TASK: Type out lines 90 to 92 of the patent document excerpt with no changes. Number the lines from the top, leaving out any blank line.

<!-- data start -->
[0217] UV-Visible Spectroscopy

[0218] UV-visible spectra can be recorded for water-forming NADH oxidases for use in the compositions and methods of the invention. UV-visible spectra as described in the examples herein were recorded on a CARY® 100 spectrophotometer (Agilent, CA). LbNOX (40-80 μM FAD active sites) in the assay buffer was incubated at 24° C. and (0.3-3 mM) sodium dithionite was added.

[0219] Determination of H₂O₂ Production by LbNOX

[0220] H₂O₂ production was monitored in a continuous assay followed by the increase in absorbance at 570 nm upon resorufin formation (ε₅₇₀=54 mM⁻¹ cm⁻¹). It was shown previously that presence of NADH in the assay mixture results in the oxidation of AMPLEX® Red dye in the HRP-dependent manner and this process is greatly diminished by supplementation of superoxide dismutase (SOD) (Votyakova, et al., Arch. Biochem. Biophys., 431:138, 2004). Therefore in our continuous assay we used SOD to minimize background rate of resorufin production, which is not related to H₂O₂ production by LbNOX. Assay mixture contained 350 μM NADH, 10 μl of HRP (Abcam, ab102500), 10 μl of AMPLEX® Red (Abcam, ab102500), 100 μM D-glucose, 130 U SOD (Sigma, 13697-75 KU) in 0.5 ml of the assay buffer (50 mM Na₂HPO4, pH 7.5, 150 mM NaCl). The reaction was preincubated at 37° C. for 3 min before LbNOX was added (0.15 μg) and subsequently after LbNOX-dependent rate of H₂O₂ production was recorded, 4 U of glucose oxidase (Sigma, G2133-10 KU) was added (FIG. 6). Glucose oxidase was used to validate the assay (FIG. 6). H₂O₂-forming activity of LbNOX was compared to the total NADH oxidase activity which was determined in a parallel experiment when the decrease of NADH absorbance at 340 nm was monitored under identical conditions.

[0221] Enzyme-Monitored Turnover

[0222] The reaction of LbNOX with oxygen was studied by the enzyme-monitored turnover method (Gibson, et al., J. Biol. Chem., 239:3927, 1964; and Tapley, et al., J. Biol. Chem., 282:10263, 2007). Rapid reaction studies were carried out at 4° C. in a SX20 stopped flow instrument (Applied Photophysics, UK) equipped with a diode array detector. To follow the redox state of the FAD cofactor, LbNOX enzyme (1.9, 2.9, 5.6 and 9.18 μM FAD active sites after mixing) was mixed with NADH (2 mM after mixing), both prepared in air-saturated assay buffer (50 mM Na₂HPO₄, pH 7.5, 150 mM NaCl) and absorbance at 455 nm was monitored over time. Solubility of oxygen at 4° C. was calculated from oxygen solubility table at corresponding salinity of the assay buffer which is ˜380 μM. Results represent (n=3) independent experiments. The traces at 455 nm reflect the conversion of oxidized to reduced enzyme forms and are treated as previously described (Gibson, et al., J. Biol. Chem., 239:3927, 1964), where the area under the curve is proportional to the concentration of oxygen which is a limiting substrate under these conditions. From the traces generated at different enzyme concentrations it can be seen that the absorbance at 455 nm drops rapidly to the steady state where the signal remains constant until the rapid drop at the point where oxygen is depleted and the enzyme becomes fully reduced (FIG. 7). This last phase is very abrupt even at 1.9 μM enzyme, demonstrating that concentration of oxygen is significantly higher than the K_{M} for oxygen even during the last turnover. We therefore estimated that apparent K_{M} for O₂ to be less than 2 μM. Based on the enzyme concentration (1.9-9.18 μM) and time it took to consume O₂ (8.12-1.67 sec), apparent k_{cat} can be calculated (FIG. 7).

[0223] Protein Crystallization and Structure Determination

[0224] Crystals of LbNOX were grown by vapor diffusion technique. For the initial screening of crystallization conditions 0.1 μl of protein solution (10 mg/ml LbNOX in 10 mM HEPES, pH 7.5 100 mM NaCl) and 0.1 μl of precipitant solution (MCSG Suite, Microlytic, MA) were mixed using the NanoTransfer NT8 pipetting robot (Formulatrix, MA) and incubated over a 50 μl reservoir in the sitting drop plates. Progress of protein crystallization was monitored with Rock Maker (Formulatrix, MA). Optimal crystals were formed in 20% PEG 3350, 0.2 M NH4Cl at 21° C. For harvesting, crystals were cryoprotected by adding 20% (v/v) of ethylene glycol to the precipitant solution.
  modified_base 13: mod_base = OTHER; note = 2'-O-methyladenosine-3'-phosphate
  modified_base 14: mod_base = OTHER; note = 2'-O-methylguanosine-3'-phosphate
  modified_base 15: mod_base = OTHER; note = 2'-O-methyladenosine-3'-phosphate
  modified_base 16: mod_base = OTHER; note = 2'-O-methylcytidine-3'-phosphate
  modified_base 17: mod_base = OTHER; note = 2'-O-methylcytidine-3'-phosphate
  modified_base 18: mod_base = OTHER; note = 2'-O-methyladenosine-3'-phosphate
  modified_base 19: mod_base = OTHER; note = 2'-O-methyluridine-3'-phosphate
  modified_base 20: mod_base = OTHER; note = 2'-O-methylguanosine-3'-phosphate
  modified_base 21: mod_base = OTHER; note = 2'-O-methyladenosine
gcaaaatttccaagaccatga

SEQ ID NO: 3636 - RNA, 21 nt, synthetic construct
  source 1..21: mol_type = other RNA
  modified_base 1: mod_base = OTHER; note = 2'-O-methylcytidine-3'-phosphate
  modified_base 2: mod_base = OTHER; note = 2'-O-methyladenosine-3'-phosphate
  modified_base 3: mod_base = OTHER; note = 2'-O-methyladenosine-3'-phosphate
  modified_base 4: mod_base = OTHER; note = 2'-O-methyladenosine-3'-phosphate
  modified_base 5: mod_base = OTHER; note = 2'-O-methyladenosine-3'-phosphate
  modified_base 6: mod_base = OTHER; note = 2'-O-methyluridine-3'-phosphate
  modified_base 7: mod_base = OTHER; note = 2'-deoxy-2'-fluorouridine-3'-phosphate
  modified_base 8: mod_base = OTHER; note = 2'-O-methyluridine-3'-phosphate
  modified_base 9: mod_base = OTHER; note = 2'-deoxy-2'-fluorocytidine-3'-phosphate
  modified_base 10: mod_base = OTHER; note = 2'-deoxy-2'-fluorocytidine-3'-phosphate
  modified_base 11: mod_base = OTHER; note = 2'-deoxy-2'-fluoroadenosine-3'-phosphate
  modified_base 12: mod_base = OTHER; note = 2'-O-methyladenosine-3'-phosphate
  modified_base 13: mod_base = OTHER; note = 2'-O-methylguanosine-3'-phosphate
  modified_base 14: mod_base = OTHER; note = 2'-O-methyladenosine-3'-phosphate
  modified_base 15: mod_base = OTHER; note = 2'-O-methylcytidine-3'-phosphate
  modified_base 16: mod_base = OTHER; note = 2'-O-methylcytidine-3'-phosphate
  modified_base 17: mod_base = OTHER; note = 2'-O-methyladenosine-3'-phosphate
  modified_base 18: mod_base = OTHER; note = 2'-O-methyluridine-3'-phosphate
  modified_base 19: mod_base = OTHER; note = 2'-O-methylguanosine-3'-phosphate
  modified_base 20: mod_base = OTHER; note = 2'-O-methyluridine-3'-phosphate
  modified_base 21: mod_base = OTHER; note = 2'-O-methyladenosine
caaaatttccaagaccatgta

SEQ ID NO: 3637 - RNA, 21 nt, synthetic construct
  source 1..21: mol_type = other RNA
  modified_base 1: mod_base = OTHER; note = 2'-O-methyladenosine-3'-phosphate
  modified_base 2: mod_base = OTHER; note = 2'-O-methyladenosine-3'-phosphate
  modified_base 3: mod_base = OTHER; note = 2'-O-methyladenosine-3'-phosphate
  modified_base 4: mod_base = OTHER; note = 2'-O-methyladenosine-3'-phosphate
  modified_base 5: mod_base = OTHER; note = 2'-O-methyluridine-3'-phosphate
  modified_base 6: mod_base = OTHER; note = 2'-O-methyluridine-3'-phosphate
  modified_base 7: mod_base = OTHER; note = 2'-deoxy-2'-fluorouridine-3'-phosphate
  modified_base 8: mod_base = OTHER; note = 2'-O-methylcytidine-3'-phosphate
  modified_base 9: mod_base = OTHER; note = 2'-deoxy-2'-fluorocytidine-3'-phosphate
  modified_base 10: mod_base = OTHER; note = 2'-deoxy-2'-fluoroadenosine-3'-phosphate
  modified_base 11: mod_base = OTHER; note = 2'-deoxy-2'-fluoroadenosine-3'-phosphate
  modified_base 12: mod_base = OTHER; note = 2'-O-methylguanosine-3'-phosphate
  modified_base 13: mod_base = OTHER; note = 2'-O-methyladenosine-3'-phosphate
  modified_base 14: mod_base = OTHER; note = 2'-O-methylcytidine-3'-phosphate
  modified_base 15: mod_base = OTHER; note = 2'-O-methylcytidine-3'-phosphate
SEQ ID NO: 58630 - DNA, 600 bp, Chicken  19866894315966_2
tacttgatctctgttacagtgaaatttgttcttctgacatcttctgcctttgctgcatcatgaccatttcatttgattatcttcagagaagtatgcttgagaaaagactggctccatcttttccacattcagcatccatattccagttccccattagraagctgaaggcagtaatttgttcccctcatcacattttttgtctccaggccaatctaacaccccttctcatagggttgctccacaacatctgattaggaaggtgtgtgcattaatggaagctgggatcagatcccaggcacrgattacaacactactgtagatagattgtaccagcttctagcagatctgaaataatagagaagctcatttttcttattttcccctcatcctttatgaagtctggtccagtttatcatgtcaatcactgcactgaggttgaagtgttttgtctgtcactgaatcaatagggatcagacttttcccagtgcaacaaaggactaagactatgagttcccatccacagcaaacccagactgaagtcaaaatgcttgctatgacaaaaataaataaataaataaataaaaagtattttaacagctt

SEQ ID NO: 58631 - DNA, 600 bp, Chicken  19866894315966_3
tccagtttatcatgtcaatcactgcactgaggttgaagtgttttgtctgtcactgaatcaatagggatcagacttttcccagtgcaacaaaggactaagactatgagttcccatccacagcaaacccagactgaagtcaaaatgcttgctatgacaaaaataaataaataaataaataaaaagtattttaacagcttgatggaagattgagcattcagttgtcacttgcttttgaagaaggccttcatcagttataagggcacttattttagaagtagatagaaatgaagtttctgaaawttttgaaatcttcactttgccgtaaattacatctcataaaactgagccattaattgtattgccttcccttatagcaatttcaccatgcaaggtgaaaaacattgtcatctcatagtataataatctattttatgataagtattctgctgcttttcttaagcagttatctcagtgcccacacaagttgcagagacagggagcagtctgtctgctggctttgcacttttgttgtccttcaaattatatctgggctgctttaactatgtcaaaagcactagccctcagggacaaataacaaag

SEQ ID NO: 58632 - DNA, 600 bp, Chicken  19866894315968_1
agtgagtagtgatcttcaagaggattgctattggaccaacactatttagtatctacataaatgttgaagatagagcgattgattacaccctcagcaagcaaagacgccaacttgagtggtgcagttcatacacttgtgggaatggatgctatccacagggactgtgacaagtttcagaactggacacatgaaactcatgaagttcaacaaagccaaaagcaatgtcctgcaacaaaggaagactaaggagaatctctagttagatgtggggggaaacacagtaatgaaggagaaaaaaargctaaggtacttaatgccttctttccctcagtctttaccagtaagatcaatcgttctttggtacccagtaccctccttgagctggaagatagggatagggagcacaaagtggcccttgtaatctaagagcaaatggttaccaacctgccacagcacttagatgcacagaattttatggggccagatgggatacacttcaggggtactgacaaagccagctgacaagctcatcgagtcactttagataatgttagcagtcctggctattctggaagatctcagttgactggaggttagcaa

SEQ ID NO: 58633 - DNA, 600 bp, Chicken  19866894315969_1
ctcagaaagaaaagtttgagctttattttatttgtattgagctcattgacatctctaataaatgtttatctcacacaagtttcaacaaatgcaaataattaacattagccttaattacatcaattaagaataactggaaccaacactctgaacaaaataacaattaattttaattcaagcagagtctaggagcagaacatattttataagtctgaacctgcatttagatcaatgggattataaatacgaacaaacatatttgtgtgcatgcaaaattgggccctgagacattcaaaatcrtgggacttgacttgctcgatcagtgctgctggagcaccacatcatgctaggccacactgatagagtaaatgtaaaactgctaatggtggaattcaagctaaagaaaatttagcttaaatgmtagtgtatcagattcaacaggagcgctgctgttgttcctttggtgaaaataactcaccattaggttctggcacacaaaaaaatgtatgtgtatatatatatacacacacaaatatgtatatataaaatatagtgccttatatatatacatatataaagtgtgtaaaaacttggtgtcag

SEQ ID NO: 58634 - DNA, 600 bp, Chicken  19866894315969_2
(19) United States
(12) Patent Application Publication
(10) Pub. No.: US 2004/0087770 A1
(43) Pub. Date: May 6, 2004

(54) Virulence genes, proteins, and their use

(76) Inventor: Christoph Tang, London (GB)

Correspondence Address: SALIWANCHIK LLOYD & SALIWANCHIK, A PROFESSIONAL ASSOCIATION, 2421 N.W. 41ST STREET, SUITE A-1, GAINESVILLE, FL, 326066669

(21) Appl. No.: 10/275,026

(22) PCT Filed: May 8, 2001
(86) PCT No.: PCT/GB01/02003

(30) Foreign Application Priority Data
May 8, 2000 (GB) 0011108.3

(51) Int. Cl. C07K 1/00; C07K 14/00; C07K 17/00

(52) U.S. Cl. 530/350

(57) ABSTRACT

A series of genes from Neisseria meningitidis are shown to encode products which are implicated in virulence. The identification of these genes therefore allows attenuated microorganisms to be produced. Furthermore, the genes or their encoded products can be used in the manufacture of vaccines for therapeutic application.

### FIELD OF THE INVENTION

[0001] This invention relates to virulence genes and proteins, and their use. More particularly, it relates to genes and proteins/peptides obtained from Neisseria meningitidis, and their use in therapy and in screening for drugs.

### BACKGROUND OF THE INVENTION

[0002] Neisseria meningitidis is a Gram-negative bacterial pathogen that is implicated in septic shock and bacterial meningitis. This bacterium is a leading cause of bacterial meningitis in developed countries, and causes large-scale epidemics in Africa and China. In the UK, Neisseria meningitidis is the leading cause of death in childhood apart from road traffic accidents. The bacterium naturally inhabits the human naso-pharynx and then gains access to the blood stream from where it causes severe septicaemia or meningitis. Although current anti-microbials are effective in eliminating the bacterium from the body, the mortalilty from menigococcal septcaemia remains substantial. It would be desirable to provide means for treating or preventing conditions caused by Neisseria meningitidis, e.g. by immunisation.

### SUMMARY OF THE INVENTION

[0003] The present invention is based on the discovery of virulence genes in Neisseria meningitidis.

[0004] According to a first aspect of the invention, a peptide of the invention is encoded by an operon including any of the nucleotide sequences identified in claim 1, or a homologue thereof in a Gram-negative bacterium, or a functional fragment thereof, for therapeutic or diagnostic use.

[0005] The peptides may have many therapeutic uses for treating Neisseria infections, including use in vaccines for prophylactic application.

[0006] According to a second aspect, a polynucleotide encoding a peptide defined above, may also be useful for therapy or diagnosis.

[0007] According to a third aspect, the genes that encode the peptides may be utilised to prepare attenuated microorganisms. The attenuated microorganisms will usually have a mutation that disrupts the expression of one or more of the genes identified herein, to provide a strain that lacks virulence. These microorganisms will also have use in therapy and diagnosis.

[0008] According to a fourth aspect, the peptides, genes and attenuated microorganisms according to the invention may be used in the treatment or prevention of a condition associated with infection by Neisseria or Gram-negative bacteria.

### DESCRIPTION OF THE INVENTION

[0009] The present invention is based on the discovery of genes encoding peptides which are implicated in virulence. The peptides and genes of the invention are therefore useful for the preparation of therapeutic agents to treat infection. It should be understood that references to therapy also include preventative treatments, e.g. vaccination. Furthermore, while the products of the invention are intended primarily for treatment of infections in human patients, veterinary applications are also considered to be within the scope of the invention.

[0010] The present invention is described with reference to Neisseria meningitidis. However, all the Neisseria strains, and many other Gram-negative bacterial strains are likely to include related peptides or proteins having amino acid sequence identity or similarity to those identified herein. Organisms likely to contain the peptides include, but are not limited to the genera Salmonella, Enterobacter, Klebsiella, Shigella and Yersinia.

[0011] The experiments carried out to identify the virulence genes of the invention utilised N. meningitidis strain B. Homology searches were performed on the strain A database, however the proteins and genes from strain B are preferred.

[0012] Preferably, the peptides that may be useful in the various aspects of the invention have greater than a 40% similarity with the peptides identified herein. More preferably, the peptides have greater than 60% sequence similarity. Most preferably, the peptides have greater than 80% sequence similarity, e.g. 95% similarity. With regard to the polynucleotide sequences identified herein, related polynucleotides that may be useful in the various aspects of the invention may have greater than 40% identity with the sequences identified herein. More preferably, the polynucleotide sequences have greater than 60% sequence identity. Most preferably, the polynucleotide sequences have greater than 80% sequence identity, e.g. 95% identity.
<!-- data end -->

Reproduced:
[0003] The present invention is based on the discovery of virulence genes in Neisseria meningitidis.

[0004] According to a first aspect of the invention, a peptide of the invention is encoded by an operon including any of the nucleotide sequences identified in claim 1, or a homologue thereof in a Gram-negative bacterium, or a functional fragment thereof, for therapeutic or diagnostic use.

[0005] The peptides may have many therapeutic uses for treating Neisseria infections, including use in vaccines for prophylactic application.